Worst Day of Your Life: One-Handed Shooting Tactics

By GunSpot
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Worst Day of Your Life: One-Handed Shooting Tactics

April 23rd, 2021

13:49 runtime

Editor’s Note: This is the first part in a two-part series by GunSpot on running your guns while wounded. Part II covers shooting a rifle with one hand. Also, do not practice any of these drills with live ammunition, but rather with an empty gun.

The worst day of your life is the day you have to use your handgun in a gunfight one-handed with just your support hand. If you’re up for a challenge, why don’t you try working in one of the worst-case scenarios into your pistol training.

What I’m talking about is practicing the hypothetical situation where your strong hand is out of the fight, whether it be injured or restrained. Even the most advanced shooter can, for lack of a better term, suck once they switch to using just their support hand. After all, it’s one thing to do things one-handed, and it’s another thing to work your gun with strictly your weak hand.

One-handed shooting
The author demonstrates shooting with his support hand only. It’s not easy to do and requires practice.

Even though being completely one-handed may not be likely, why not be prepared? To be honest, being able to work your defensive handgun with either hand is definitely something you should add into your practice. That being said, let’s work our way though some of the skills used to shoot and manipulate your pistol one-handed.

The Complications

First of all, let’s talk about shooting. What eye will you use? Even with the gun in your weak hand, you can still use your dominant eye very easily. But if you have a stigmatism or other eye issue, it might be amplified if you’re shooting from your weak side. Other than that, trigger control and recoil management might be an issue, but that will just take time and practice. We recommend you do dry fire practice over and over and over again to get stronger at this.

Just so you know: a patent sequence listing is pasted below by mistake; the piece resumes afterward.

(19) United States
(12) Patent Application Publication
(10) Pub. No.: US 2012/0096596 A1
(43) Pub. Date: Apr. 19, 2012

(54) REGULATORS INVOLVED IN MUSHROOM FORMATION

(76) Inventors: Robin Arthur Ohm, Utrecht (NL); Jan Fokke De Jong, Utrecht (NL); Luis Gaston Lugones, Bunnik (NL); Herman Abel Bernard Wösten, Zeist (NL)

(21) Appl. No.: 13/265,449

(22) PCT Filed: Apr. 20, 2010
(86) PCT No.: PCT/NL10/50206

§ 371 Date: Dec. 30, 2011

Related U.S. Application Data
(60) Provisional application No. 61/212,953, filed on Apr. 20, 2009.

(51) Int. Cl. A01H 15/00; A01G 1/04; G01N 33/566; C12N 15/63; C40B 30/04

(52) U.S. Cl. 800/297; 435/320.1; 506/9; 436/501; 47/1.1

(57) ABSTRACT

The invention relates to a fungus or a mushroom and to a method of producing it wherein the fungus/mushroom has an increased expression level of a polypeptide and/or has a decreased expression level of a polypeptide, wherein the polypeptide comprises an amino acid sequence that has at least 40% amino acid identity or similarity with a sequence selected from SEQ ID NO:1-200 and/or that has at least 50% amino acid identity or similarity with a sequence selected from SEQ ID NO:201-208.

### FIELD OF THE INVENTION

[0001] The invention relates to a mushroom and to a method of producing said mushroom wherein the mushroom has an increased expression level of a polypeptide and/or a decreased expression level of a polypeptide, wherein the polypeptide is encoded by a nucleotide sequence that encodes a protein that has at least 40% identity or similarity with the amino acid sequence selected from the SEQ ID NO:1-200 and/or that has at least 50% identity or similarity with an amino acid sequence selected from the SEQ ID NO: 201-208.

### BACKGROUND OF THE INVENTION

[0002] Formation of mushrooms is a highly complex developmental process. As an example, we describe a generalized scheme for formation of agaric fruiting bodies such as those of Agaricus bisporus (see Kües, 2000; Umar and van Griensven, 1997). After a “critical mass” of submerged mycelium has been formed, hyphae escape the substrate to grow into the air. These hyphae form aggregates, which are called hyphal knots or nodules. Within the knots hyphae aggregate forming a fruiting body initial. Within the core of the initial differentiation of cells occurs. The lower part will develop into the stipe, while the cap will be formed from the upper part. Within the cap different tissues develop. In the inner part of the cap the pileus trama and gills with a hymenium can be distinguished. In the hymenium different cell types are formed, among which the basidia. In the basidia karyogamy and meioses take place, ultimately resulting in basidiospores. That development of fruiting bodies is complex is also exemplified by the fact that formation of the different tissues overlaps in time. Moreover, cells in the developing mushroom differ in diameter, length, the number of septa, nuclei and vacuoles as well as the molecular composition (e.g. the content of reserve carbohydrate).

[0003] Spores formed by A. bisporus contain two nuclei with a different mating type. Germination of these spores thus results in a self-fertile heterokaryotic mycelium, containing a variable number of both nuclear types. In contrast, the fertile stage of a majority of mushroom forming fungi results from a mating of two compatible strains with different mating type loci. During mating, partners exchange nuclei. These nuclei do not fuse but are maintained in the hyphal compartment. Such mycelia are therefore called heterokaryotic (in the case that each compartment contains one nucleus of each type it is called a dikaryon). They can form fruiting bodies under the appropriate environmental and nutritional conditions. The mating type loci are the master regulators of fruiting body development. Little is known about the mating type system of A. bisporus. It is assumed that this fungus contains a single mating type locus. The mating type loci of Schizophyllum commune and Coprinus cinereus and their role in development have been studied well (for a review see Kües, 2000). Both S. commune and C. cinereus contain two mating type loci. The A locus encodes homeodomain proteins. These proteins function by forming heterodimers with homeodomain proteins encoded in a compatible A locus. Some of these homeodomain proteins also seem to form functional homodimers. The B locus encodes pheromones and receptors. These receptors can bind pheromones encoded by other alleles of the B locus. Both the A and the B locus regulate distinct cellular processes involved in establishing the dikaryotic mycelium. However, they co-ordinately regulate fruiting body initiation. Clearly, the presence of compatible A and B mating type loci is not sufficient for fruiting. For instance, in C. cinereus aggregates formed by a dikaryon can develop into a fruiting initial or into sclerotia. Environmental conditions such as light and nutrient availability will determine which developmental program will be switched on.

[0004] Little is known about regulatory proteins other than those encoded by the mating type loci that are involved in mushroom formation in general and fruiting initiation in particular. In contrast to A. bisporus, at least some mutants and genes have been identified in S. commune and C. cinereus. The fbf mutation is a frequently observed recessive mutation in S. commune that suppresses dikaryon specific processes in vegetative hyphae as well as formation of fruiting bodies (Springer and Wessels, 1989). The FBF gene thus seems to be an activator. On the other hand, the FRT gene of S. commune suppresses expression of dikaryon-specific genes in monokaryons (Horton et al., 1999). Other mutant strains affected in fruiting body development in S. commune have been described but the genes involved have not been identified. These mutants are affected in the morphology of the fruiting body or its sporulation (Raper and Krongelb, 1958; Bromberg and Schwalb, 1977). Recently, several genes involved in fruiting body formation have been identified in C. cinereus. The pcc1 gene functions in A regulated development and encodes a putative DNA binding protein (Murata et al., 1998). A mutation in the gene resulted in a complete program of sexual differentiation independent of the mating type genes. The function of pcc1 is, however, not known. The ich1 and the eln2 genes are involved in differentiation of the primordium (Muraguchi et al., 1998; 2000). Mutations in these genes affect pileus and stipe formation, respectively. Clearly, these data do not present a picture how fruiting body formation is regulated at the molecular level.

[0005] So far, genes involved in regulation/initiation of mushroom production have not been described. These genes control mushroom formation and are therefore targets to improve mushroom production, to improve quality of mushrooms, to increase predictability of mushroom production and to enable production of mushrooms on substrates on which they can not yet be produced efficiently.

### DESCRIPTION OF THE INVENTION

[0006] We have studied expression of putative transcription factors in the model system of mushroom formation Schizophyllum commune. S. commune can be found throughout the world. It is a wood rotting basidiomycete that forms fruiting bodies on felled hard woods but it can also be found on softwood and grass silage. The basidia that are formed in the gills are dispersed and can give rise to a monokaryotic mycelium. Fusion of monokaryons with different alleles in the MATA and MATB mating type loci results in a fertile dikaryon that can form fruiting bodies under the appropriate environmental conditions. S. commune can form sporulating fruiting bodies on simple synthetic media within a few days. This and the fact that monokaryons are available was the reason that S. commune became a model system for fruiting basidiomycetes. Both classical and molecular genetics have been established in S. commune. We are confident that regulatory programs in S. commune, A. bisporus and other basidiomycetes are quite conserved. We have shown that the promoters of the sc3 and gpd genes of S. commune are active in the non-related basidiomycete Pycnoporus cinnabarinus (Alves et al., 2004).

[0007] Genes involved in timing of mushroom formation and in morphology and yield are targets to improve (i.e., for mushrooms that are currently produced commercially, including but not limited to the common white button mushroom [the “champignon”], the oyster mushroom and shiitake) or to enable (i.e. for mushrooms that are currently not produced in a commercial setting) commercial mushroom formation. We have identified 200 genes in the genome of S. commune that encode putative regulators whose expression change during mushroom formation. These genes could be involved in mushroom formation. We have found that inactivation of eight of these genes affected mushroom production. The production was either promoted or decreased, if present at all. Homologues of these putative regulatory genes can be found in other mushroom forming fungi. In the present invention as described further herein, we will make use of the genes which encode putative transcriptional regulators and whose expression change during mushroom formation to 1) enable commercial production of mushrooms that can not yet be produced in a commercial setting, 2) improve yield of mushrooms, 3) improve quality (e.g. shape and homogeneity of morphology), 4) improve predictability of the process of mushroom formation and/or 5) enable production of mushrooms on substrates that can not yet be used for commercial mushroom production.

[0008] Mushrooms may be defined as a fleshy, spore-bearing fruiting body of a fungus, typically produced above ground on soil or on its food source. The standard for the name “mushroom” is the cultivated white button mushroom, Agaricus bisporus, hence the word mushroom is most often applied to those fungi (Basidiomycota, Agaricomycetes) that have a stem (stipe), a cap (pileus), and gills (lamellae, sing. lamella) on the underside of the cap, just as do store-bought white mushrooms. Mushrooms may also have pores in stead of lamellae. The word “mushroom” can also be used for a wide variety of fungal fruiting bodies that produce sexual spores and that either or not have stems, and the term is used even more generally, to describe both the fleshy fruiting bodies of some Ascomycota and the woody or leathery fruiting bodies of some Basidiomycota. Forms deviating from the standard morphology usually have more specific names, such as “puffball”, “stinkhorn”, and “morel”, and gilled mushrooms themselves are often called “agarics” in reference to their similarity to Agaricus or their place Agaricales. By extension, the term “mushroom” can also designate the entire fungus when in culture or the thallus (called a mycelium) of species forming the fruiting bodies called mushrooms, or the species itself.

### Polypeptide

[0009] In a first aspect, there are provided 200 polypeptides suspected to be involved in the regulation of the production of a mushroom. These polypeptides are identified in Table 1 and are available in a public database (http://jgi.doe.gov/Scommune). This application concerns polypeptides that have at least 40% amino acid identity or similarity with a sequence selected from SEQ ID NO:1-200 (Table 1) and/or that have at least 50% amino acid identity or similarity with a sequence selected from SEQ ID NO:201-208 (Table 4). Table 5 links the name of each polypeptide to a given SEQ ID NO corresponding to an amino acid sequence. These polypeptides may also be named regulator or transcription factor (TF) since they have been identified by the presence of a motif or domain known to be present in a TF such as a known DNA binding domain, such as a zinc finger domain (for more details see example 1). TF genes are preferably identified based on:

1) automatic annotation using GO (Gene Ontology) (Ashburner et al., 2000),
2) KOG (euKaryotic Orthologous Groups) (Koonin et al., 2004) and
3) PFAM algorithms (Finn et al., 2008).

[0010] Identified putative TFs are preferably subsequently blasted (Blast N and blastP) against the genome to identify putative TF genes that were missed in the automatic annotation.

Training to shoot one handed
When training to shoot one handed, you might feel uncoordinated. Take your time and work through the discomfort.

More than likely your holster will still be on your strong side, so you may have to draw and re-holster your pistol across your body. Luckily for you, we teach this in our video at the top of the page. This is something that can be pretty dangerous, so please don’t practice it with a loaded gun and live ammo.

To draw, you will have to reach across your body and wrap all your fingers around the grip of your pistol, keeping them around the grip and out of the triggerguard. Then you need to draw it from the holster. At this point the gun will be upside down, so we have to get it right side up so that you can get it into the fight. There are two popular and safe methods to do this.

One-handed reload
When practicing new techniques, it is very important to train in a safe manner. Accidents are rare but have costly consequences.

The first, and fastest way to do this is to stay standing and put the pistol between your knees with the grip up, just keeping the muzzle pointed away from your body parts and in a safe direction. Then, use your knees to hold it and flip your grip over. The second way to flip your grip would be to crouch down and pinch the gun in the bend of your leg and then grip it right side up. Obviously, these methods could possibly allow something into the trigger guard, which is not safe. So, keep that muzzle pointed somewhere safe as best you can.